Embed images in Jupyter

Aug. 21, 2021

Taking a variety of tools to embed images to the Jupyter Notebook. A few are: Using img tag in HTML; converting image to a base64 string representation; using selenium to render map created by folium

Convert images into base64 string is handy to avoid missing attached files and pack the document into one single file


Embed screenshot

  • This is the simplest case. We have still images somewhere and we want to include them in the Jupyter notebook for demonstration
  • we can upload this image to a public hosting such as unsplash.com , imgur.com , imgbb.com . Then we can insert the image using tag.
In [1]:
from IPython.core.display import HTML, display

img tag as HTML

In [2]:
img_url = 'https://upload.wikimedia.org/wikipedia/commons/8/84/Hubble_Visible_View_of_Jupiter.jpg'
<img src='https://en.wikipedia.org/wiki/Jupiter#/media/File:Jupiter_and_its_shrunken_Great_Red_Spot.jpg' class='img-fluid'>
In [3]:


Here is the code to embedded image using markdown style



The major drawback using markdown is very hard to control the resposiveness of the image. If you reading this on the mobile, it does not scale well to your screen.


Convert to a base64 string

  • This comes handy when you wanted to include a screenshot or a offline image directly to the Jupyter Notebook.

  • Simply we will convert to the image to bytes in format of string and give a keyword so that the browser understands this is the data of image

  • To start, let import base64 python package

In [4]:
import base64
In [5]:
def convert_img_base64(fpath=None):
    '''convert image to bytes and display on jupyter'''
    with open(fpath, "rb") as image_file:
        encoded_string = base64.b64encode(image_file.read()).decode('utf-8')
    img = f'data:image/png;base64,{encoded_string}'
    return HTML(f"{img}>")
In [6]:
# Here is another image of Jupiter
image_path = 'Jupiter.jpg'
In [7]:
  • We can now share the Jupyter Notebook and less worry that our friend emails back asking for the images

Matplotlib.pyplot to retain quality

  • underlying matplotplot is a base64 string. After save Notebook as html format, and read the html using a text editor such as Notepad ++, Sublime, Vcode, you will see this
    In [8]:
    import matplotlib.pyplot as plt
    import numpy as np
    %matplotlib inline
In [9]:
X = np.linspace(-np.pi, np.pi, 100)
Y = [np.sin(i) for i in X]
Z = [np.cos(i) for i in X]
# X, Y, Z
In [10]:
from matplotlib.ticker import FormatStrFormatter, MultipleLocator
In [11]:
plt.rcParams['font.family'] = 'monospace'
fig, ax = plt.subplots(figsize=(8, 4))
ax.plot(X, Y, color='red', lw=2, label='sine(x)')
ax.plot(X, Z, color='blue', lw=2, label='cosine(x)')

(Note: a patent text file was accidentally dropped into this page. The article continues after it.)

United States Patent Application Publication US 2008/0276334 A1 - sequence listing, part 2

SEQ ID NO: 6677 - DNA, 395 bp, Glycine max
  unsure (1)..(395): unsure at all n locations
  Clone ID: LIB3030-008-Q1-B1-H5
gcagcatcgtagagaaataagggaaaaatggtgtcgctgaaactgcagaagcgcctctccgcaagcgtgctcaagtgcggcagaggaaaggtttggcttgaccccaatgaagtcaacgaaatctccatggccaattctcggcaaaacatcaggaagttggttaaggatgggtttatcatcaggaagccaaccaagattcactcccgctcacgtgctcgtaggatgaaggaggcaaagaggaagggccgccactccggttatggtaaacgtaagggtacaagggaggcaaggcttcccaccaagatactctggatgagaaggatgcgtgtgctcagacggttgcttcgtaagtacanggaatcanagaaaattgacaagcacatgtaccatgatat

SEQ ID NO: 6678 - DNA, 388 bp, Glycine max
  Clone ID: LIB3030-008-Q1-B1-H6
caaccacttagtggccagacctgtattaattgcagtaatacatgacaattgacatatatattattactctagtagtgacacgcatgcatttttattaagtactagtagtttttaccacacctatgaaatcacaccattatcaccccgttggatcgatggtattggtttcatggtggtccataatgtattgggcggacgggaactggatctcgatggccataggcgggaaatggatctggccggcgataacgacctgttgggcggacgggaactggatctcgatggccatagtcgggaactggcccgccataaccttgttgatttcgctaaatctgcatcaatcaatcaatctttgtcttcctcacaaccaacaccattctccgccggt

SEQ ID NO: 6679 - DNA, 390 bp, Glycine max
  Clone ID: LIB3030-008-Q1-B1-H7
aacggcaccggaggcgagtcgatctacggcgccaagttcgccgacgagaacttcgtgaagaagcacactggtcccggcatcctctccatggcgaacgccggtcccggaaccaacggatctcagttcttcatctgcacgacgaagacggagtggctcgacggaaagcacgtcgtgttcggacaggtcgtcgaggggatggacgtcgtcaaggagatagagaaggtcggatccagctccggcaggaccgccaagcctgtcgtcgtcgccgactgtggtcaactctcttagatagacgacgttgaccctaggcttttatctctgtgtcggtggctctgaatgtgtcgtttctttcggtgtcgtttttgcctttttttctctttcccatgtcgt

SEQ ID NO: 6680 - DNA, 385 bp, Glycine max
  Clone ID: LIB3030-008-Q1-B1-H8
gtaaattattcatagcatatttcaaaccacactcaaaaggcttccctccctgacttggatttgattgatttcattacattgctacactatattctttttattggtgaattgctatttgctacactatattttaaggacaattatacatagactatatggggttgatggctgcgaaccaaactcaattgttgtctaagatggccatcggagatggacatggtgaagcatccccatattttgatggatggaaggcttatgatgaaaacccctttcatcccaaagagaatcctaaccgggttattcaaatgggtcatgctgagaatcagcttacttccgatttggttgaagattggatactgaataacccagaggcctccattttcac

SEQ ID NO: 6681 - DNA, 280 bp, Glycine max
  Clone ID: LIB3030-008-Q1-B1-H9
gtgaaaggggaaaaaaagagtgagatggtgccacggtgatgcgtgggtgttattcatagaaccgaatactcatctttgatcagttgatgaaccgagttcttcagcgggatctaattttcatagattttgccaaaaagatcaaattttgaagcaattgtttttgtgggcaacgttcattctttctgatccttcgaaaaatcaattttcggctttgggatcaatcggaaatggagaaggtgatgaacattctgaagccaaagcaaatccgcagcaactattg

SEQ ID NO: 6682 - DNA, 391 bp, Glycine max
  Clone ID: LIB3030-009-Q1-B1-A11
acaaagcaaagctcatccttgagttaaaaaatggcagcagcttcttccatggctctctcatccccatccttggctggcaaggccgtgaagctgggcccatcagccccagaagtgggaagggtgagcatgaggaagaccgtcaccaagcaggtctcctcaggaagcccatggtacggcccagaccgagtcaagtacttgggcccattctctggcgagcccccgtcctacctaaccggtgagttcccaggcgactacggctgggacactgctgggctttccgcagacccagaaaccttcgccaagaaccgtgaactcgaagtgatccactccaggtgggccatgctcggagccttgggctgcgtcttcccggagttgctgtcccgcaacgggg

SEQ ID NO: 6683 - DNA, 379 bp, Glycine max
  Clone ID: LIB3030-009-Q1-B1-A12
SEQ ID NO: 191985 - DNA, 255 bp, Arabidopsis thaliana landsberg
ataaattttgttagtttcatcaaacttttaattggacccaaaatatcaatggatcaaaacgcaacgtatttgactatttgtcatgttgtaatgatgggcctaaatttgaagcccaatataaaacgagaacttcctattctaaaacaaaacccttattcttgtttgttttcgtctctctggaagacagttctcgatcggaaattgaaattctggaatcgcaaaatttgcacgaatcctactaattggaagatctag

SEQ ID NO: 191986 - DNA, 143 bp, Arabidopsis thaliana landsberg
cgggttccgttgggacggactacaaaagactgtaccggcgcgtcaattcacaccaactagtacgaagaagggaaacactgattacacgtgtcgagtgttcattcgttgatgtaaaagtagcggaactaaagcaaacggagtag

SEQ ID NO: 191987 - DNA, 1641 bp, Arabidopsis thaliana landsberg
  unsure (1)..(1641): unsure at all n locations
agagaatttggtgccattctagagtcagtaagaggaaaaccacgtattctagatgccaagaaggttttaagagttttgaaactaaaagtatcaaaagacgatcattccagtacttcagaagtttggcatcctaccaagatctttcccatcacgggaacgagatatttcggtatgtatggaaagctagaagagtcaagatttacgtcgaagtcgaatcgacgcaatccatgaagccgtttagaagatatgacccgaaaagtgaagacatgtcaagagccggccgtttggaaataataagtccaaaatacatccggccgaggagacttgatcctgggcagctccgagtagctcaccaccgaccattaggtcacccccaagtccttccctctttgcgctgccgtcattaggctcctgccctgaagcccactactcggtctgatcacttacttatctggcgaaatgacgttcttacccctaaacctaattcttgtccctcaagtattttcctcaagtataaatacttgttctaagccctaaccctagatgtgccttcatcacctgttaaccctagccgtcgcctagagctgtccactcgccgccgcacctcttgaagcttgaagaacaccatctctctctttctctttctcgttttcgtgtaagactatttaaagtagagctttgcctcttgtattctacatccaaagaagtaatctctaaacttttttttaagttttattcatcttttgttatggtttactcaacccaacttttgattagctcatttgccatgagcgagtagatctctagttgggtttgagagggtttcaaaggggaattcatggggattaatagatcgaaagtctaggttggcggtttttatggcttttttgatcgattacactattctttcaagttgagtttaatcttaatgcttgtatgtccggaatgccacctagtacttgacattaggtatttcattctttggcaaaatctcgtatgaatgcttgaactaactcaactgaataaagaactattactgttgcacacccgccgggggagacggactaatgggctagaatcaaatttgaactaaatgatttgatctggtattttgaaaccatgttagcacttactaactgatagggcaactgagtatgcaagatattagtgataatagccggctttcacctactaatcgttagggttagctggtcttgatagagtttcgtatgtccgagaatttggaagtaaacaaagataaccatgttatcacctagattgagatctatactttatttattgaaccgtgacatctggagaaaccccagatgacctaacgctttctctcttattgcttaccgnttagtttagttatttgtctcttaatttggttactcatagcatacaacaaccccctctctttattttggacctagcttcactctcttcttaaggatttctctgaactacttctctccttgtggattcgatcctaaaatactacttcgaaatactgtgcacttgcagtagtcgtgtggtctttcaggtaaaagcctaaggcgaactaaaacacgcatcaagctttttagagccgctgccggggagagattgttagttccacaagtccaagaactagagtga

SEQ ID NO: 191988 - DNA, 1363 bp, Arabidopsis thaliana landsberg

ax.axhline(0, color='grey')
ax.axvline(0, color='grey')
# ax.xaxis.set_major_formatter(FormatStrFormatter('%g $\pi$'))
for s in ["top","right","left"]:
ax.set_title('An Example of Matplotlib with sine and cosine', fontsize=16, y=1.05)
  • now we want to get the string representation of the graph and plot back in

  • first we read content of fig object into bytes and then string

  • we then add property to let the browser know this is a string of image data:image/png;...

In [12]:
import io
img = io.BytesIO()
fig.savefig(img, format='png', bbox_inches="tight")
In [13]:
# similar to function above
def plt_2_img(fig=None):
    '''convert image to bytes and display on jupyter'''
    img = io.BytesIO()
    fig.savefig(img, format='png', bbox_inches="tight")
    encoded_string = base64.b64encode(img.getvalue()).decode("utf-8").replace("\n", "")
    img = f'data:image/png;base64,{encoded_string}'
    return HTML(f"{img}>")
In [14]:


Folium map

In [15]:
import folium
In [16]:
from folium.features import DivIcon
In [17]:
import pandas as pd
  • go to kaggle and get the csv file csv
In [18]:
capitals = pd.read_csv('concap.csv')
In [19]:
CountryName CapitalName CapitalLatitude CapitalLongitude CountryCode ContinentName
0 Somaliland Hargeisa 9.550000 44.050000 NaN Africa
1 South Georgia and South Sandwich Islands King Edward Point -54.283333 -36.500000 GS Antarctica
2 French Southern and Antarctic Lands Port-aux-Français -49.350000 70.216667 TF Antarctica
3 Palestine Jerusalem 31.766667 35.233333 PS Asia
4 Aland Islands Mariehamn 60.116667 19.900000 AX Europe
In [20]:
def add_marker(m, row):
    '''add marker by each row'''
        if row is not None:
            tooltip = f"{row['CapitalName']}"
            folium.Circle(location = location, 
                          tooltip = tooltip,
                        radius = 1_000,
            return m
    except Exception as e:
    return None
In [21]:
m = folium.Map(min_zoom=2, max_bounds=True, tiles='cartodbpositron')
for i, row in capitals.iterrows():
    add_marker(m, row)
Make this Notebook Trusted to load map: File -> Trust Notebook
In [22]:
# we could save to html format as a seperate file
  • to capture the map in picture, we need to render the screen (similar to screenshot)
  • one solution to using selenium as web scraper and geckodriver to control the actual webbrowser
In [23]:
# first we need to copy the right version of geckodriver to the executable path.
# the simpliest approach is to copy directly to bin of virtual environment
!echo $PATH
In [24]:
# now we can render the map to img object with png format
img = m._to_png(3)
In [25]:
encoded_string = base64.b64encode(img).decode("utf-8").replace("\n", "")
img = HTML(f'{encoded_string}>')
In [26]:



In [ ]:
get Jupyter Notebook:
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